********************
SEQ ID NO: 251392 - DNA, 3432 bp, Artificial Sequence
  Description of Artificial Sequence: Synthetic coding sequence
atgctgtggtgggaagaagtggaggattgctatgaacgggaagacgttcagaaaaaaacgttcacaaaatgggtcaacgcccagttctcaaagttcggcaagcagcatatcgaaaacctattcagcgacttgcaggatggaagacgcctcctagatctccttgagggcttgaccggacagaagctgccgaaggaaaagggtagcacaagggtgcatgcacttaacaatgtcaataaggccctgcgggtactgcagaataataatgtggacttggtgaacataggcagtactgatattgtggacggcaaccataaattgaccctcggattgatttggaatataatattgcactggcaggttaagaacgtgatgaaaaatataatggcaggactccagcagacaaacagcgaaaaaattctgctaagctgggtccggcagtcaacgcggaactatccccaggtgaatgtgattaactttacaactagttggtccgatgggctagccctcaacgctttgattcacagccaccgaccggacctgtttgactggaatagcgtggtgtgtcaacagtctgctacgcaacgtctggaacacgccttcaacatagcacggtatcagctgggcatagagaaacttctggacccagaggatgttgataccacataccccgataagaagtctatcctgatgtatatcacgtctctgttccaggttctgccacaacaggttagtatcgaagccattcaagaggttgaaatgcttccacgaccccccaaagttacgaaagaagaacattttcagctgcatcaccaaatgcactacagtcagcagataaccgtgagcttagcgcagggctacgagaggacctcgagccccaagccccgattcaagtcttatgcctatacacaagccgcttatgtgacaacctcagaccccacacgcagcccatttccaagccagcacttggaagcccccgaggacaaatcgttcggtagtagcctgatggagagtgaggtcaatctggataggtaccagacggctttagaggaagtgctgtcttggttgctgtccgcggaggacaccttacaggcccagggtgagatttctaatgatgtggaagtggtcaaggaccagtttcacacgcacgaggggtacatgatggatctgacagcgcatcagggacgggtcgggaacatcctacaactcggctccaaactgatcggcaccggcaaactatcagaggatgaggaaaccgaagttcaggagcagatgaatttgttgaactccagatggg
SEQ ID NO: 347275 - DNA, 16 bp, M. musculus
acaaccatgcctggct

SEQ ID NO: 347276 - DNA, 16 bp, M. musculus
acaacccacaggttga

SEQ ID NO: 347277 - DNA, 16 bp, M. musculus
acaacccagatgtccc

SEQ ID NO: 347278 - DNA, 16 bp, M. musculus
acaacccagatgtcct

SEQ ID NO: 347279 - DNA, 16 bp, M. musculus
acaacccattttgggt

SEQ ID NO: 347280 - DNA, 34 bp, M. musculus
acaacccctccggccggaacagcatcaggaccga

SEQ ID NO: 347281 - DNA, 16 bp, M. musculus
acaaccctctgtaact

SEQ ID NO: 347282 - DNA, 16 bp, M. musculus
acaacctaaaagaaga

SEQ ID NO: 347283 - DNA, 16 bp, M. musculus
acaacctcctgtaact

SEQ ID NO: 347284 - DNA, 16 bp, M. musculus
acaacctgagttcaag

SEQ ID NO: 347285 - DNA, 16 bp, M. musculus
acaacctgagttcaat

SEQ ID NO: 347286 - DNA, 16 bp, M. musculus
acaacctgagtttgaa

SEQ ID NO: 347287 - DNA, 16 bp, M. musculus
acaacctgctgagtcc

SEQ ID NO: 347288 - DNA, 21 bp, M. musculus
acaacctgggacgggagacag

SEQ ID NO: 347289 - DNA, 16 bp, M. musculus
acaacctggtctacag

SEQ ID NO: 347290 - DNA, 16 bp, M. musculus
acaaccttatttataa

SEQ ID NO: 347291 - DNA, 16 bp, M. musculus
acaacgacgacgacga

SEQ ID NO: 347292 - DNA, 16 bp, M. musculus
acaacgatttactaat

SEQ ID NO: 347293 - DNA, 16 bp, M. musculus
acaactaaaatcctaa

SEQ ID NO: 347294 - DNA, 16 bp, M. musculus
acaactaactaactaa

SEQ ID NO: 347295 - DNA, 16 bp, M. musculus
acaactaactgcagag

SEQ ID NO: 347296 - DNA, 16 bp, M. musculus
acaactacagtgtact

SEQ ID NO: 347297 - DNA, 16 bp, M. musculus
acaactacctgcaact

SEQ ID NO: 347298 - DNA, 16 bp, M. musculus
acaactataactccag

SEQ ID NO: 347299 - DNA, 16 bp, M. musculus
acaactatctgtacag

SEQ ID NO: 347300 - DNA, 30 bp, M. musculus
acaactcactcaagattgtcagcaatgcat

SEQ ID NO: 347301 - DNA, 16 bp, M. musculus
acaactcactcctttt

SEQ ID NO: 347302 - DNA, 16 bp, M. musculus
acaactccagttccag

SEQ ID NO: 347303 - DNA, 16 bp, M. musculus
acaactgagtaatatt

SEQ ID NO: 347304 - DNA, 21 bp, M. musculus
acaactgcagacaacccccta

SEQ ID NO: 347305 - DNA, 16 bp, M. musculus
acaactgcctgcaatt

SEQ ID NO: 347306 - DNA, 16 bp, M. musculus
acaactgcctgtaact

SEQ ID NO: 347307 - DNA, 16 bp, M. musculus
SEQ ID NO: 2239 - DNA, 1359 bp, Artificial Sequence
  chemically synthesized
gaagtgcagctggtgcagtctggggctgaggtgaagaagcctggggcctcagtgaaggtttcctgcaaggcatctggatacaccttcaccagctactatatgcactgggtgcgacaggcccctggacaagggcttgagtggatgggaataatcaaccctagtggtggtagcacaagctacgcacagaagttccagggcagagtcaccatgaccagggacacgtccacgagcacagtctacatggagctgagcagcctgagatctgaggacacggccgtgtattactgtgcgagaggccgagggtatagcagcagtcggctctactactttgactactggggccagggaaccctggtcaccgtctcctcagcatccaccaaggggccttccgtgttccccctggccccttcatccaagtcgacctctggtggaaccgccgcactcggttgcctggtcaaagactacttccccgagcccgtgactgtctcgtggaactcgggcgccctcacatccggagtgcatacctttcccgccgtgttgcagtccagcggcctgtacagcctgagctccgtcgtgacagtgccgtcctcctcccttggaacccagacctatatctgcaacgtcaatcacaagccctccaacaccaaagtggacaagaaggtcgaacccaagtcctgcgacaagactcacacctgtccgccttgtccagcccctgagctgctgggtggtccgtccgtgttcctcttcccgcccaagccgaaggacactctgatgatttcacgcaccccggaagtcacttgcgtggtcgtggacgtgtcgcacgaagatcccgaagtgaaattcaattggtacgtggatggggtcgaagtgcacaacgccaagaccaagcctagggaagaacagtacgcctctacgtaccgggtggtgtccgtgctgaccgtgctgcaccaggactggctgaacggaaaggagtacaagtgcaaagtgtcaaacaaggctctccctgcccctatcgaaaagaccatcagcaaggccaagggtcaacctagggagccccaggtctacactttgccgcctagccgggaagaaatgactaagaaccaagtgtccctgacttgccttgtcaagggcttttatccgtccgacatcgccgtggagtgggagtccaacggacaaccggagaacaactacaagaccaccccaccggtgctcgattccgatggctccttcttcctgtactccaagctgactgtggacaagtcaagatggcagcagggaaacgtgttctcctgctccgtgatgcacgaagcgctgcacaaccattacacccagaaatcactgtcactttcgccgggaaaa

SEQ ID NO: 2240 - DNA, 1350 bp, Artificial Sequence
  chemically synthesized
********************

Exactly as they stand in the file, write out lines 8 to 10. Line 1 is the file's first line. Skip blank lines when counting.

SEQ ID NO: 347277 - DNA, 16 bp, M. musculus
acaacccagatgtccc

SEQ ID NO: 347278 - DNA, 16 bp, M. musculus